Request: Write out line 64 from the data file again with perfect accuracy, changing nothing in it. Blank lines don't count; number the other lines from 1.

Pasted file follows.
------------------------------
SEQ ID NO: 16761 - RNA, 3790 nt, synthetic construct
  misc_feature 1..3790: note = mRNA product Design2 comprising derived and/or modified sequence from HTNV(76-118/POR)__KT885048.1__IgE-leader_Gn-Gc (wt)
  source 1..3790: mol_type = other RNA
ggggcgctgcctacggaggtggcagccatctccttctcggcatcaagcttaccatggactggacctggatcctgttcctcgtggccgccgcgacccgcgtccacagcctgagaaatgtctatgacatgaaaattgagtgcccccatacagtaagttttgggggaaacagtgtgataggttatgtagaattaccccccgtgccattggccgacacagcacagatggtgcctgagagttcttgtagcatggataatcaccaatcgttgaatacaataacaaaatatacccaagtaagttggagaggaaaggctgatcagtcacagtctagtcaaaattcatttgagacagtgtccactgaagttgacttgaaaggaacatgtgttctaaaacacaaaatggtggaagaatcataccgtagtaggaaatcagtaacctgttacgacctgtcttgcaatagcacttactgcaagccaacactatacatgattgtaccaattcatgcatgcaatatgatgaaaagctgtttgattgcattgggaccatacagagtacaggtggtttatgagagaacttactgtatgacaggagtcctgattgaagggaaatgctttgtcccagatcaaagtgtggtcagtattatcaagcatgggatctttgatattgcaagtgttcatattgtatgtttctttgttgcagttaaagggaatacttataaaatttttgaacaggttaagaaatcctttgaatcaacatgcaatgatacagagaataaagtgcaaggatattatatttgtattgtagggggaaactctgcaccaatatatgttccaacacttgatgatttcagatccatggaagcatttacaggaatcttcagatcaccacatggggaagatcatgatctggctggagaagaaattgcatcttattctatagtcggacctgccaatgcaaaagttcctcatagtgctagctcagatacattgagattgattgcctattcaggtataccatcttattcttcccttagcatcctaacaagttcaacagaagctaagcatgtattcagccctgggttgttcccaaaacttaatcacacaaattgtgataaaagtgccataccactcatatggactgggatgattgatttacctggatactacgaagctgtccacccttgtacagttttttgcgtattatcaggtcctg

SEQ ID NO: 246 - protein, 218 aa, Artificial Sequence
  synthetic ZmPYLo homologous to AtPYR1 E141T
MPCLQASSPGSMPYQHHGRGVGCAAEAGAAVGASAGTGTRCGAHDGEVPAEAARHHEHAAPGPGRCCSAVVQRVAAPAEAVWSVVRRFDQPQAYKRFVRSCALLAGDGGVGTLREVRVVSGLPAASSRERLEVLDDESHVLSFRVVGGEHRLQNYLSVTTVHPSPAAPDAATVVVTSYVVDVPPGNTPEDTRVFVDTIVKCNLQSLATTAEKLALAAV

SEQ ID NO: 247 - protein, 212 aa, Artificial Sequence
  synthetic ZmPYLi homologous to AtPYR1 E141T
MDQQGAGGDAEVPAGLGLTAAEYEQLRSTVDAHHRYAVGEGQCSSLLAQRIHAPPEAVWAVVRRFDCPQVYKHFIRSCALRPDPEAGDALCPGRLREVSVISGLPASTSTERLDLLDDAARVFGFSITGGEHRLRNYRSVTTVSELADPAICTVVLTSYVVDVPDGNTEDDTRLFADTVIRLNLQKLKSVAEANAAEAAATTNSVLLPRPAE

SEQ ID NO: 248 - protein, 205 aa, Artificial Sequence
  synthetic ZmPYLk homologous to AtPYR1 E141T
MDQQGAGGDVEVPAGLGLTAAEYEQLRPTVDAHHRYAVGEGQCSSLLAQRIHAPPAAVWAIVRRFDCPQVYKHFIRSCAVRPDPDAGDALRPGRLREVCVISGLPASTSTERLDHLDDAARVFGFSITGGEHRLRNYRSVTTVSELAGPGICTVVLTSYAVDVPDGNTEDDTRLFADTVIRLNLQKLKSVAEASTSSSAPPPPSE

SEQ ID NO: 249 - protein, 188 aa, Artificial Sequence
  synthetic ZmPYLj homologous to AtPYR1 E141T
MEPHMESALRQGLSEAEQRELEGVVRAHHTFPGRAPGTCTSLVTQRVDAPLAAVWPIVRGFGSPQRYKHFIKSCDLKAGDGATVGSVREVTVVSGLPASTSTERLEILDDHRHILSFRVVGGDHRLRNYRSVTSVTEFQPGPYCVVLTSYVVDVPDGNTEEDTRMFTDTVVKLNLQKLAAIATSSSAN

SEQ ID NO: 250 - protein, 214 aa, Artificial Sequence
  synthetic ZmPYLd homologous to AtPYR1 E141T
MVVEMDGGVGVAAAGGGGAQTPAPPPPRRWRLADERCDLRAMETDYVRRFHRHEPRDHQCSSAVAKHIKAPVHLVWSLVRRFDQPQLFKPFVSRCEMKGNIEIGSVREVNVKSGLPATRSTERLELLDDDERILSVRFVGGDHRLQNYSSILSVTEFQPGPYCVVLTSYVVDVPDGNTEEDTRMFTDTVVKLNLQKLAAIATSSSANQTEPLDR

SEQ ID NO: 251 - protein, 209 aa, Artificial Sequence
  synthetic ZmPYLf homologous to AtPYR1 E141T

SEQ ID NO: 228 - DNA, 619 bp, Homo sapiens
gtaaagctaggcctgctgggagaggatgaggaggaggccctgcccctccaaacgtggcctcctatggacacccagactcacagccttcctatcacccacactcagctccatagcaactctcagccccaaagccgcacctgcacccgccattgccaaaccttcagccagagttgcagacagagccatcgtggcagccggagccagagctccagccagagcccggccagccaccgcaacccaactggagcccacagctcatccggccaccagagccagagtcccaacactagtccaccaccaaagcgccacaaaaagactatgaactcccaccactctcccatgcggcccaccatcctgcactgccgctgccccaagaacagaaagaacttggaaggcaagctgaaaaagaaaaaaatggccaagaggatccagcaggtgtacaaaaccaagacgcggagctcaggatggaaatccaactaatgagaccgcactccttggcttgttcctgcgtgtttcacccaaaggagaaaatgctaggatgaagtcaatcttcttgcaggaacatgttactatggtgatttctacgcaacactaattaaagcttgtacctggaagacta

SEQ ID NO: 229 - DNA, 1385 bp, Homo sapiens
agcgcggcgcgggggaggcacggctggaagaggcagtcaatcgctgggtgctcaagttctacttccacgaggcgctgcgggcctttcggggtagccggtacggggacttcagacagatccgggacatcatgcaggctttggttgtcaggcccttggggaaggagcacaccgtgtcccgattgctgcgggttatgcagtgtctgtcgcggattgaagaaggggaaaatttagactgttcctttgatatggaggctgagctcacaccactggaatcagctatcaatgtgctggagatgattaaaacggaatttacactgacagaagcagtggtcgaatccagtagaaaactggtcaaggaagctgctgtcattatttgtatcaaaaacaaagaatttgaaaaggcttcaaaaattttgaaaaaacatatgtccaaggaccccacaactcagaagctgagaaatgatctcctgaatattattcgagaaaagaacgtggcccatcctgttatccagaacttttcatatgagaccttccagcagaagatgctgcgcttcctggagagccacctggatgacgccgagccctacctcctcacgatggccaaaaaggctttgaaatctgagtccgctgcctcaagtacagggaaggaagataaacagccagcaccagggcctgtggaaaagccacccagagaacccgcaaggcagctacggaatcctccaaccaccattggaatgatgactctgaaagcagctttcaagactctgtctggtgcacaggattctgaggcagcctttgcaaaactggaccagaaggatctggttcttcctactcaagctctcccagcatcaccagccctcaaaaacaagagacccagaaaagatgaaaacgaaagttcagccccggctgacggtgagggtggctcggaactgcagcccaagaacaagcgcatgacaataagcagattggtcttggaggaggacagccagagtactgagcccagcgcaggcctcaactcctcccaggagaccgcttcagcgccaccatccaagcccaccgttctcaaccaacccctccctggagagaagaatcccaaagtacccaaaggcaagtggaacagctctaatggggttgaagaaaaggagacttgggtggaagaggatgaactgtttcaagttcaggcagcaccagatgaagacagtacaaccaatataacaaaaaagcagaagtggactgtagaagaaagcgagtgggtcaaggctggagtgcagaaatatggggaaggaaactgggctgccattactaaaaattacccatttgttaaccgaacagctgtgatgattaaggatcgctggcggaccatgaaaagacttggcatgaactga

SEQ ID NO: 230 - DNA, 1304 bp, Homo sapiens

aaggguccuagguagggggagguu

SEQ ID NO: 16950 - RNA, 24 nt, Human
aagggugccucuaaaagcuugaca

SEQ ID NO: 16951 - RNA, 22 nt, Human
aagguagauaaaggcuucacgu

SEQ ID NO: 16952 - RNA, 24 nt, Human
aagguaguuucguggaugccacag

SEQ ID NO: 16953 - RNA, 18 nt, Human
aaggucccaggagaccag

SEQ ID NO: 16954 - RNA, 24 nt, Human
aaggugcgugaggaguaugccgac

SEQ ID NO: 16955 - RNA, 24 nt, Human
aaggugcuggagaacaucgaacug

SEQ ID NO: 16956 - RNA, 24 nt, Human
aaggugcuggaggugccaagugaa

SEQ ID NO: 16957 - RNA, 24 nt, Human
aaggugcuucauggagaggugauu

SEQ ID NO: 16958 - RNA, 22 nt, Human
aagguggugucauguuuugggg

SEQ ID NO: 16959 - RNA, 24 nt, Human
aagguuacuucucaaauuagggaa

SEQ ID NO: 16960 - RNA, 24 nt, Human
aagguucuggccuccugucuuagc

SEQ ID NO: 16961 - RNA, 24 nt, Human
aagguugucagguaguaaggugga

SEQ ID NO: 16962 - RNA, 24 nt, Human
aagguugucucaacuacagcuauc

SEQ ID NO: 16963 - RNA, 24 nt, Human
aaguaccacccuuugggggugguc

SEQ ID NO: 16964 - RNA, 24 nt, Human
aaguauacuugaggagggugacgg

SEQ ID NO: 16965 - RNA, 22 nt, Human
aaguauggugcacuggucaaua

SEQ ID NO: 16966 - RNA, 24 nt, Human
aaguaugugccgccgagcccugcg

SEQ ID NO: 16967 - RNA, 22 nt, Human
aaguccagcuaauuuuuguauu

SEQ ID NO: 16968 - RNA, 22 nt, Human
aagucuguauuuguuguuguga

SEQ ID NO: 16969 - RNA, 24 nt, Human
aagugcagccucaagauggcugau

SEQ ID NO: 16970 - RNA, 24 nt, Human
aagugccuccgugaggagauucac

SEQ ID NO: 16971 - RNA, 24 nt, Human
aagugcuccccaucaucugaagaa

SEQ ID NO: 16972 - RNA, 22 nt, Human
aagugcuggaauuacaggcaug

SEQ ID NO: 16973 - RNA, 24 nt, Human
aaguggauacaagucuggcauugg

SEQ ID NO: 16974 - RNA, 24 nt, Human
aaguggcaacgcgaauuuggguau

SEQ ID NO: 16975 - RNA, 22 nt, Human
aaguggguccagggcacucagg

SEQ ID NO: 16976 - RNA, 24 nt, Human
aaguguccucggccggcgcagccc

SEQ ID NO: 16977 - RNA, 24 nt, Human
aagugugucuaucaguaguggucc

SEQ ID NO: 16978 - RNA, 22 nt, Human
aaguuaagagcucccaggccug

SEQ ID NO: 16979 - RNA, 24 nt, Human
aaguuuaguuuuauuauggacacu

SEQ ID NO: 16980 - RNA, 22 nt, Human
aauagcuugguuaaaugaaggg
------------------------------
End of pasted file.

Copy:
SEQ ID NO: 16968 - RNA, 22 nt, Human